Why Do Zebras Have Stripes?

While most people think of zebras as white animals with black stripes, scientists have found that zebras are actually black animals with white stripes. Similar to fingerprints, each zebra has a unique pattern of stripes. However, the question remains: why do zebras have stripes?

Whether they are roaming in a zoo or running across the Serengeti, zebras stand out due to their black and white striped pattern. However, this may not be the case when it comes to their predators.

In the wild, zebras’ main predators are lions, which are known to be color blind. Zoologists, who study animals, believe that the zebra’s pattern serves as camouflage, helping it hide from predators.

Imagine that you can only see black, white, and shades of gray. A solid-colored dark horse standing in light-colored tall grass would be very noticeable. On the other hand, a zebra’s stripes help it blend in with grasses and brush, making it harder to spot.

Some biologists also suggest that zebras’ stripes may be beneficial when they run in a herd. When a large number of zebras move together, their stripes may appear as one large running animal. This optical illusion may confuse predators, making it difficult for them to single out a target for attack.

However, recent studies have questioned the popular camouflage theory. Researchers have noticed that many other grazing animals in Africa do not have similar striping to deter predators.

Instead, researchers have discovered two other possible purposes for the stripes: regulating body temperature and deterring biting flies. Scientists became interested in these possibilities when they observed that zebras in hotter areas tend to have more stripes.

In a comprehensive study of African zebras, researchers found a close correlation between zebra stripes and temperature and precipitation, rather than the presence of lions. This led them to doubt the camouflage theory and explore alternative explanations.

While no definitive conclusions can be drawn from these new studies, scientists now believe that zebra stripes may help keep zebras cooler. Some scientists propose that air moves faster over black stripes and slower over white stripes, causing air to swirl where the stripes meet and cooling the zebra’s skin.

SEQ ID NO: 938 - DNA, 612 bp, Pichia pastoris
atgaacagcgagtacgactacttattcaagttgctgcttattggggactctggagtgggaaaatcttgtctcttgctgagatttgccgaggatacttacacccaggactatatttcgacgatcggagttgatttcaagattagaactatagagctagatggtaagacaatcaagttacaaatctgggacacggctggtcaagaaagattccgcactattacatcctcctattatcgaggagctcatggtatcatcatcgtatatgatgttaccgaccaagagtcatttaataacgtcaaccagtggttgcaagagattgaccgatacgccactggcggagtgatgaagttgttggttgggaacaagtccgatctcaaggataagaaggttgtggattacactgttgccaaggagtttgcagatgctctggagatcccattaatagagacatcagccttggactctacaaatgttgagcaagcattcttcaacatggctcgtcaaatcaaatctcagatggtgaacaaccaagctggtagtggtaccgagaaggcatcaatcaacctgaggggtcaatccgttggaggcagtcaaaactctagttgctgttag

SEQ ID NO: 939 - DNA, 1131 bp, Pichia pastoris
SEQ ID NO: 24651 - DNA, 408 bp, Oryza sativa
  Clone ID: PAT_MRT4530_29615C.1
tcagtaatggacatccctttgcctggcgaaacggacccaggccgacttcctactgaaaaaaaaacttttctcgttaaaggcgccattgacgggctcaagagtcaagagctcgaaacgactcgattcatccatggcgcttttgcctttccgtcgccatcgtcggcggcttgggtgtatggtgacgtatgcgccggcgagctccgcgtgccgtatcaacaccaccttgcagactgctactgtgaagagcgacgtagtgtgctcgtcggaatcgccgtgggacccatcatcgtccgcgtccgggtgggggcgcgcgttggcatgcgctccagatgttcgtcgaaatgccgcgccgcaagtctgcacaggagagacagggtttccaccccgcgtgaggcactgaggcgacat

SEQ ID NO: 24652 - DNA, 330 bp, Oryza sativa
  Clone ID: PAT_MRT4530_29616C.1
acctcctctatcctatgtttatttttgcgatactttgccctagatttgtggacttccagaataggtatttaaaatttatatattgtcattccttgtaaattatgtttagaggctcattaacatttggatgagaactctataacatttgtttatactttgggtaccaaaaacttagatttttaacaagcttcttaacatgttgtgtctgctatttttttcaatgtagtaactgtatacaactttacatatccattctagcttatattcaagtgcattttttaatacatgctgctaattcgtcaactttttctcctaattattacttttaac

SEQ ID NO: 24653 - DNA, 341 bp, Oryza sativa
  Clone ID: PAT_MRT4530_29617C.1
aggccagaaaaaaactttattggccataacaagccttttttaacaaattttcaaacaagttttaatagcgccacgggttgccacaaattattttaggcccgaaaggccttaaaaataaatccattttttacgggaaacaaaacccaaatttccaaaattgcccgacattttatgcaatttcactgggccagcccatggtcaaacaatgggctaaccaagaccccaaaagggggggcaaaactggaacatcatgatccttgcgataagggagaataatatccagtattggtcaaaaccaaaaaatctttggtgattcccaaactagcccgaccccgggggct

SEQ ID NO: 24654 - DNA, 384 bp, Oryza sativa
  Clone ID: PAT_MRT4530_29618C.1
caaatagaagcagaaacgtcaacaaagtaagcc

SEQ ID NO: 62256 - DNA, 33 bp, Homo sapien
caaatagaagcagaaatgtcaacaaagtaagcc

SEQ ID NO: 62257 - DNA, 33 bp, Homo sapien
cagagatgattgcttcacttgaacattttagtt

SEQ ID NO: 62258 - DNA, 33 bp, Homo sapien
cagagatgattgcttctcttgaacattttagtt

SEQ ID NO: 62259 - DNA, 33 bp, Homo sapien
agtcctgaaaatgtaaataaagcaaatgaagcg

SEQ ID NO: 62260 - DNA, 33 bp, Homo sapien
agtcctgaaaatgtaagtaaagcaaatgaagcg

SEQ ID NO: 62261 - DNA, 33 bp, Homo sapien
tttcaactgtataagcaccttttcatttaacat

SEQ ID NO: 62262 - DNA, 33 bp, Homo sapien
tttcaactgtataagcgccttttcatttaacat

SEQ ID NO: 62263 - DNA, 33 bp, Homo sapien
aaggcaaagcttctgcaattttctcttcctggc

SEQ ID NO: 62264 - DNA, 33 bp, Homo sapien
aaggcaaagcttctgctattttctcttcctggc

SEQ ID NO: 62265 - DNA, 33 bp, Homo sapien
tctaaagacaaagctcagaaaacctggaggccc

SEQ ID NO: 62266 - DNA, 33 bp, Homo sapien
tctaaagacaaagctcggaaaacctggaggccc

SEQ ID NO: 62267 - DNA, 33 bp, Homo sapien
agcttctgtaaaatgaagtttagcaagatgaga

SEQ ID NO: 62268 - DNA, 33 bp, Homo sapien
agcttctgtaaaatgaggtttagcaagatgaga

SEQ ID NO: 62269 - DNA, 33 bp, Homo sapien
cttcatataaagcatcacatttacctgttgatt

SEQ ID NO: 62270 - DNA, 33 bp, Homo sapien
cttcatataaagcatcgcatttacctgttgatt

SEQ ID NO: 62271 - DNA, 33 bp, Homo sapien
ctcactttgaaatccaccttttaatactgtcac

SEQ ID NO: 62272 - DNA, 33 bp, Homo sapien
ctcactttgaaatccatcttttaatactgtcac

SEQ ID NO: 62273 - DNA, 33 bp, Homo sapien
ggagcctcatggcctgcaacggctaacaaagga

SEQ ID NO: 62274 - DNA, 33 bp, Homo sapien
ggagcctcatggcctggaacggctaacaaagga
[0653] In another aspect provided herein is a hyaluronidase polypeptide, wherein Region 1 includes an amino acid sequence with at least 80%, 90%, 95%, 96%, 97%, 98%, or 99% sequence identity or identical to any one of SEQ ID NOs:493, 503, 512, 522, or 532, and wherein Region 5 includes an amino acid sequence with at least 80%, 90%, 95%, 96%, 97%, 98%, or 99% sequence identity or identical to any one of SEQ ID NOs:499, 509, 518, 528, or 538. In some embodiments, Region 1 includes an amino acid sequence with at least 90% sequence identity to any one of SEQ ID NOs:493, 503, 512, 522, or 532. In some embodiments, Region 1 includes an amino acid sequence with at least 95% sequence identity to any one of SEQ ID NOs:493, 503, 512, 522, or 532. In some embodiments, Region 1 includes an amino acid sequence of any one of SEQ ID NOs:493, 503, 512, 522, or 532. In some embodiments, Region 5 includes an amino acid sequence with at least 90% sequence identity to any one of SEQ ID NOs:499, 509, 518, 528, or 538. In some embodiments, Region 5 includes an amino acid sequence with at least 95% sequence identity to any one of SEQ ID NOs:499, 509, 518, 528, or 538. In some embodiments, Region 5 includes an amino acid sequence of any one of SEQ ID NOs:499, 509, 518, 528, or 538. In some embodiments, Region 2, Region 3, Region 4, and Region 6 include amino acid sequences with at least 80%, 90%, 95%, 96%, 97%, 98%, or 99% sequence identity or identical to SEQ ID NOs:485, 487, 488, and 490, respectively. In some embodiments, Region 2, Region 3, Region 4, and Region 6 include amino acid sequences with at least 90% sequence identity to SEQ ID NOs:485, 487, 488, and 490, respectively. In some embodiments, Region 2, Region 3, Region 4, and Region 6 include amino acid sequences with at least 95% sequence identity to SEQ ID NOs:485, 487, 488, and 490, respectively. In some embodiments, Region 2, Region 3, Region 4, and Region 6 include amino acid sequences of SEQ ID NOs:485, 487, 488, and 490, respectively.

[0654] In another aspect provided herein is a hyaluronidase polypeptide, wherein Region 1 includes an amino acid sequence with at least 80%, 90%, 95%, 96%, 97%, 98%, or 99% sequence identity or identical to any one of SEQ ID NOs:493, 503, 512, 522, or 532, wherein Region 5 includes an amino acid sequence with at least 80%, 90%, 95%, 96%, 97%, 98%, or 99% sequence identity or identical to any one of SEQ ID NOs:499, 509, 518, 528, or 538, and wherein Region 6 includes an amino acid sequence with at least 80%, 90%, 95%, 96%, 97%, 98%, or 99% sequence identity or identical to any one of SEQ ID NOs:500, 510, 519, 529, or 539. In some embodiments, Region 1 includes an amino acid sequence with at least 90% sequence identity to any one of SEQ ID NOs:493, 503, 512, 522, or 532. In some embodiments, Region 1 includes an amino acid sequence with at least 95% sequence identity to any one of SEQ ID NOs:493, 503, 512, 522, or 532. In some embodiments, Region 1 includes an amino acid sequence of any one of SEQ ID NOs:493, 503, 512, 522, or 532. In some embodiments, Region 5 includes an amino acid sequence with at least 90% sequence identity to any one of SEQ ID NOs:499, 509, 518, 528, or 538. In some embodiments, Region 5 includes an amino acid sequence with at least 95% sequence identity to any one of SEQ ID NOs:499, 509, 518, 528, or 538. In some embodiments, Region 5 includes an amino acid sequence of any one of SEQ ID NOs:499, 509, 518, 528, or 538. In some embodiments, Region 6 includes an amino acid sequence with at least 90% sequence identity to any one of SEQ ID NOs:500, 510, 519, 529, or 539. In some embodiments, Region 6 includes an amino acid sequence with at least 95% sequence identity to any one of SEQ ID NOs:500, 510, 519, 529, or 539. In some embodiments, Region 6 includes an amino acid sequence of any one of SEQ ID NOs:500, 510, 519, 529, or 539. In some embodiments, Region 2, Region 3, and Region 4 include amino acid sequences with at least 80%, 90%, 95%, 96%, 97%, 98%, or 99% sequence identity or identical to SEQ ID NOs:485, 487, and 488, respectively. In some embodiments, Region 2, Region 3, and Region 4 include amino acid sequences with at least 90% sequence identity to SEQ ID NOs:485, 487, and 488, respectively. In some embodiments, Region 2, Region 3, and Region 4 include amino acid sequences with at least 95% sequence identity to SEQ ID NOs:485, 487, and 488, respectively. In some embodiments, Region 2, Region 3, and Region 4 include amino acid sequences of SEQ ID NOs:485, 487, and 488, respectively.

Other researchers suggest that zebras in hotter areas have more stripes to deter disease-carrying biting flies, such as tsetse flies and horseflies. It has been observed that these biting flies, which thrive in hot weather, are less likely to land on striped surfaces. Therefore, the increased number of stripes in warmer areas could serve as a natural defense against these biting flies.

Try It Out

Are you interested in learning more about zebras? Gather a friend or family member and embark on a safari with the following activities:

  • Are you a fan of zebras? We certainly are! Go online and browse through these zebra photos. Try to imagine how their stripes could confuse their predators.
  • You may not be able to go to Africa, but you can definitely visit your local zoo to explore some of the most fascinating animals on the planet. Take this convenient zoo passport with you to keep track of your observations.
  • Have you ever worn camouflage clothing? If you’ve gone hunting and worn camouflage clothing, you probably know how the colors and patterns on such clothing help you blend in with the outdoor environment. But what about urban camouflage? What if you were a spy? What would you wear to blend in and avoid drawing attention at a local mall? Ask an adult to take you on a field trip to the mall. Bring a pencil and notebook to jot down your observations. Find a spot where you can sit for a while and observe others. The food court might be a good spot for surveillance. What do you see? How do people dress? Do some people stand out? If they do, you’ll want to avoid looking like them! Try your best to figure out what kind of clothing would help you blend in and go unnoticed by everyone while you’re on your top-secret spy mission at the mall!

Interesting Sources

  • https://www.livescience.com/49447-zebras-stripes-cooling.html
  • https://news.nationalgeographic.com/news/2015/01/150113-zebras-stripes-evolution-animals-science-africa/

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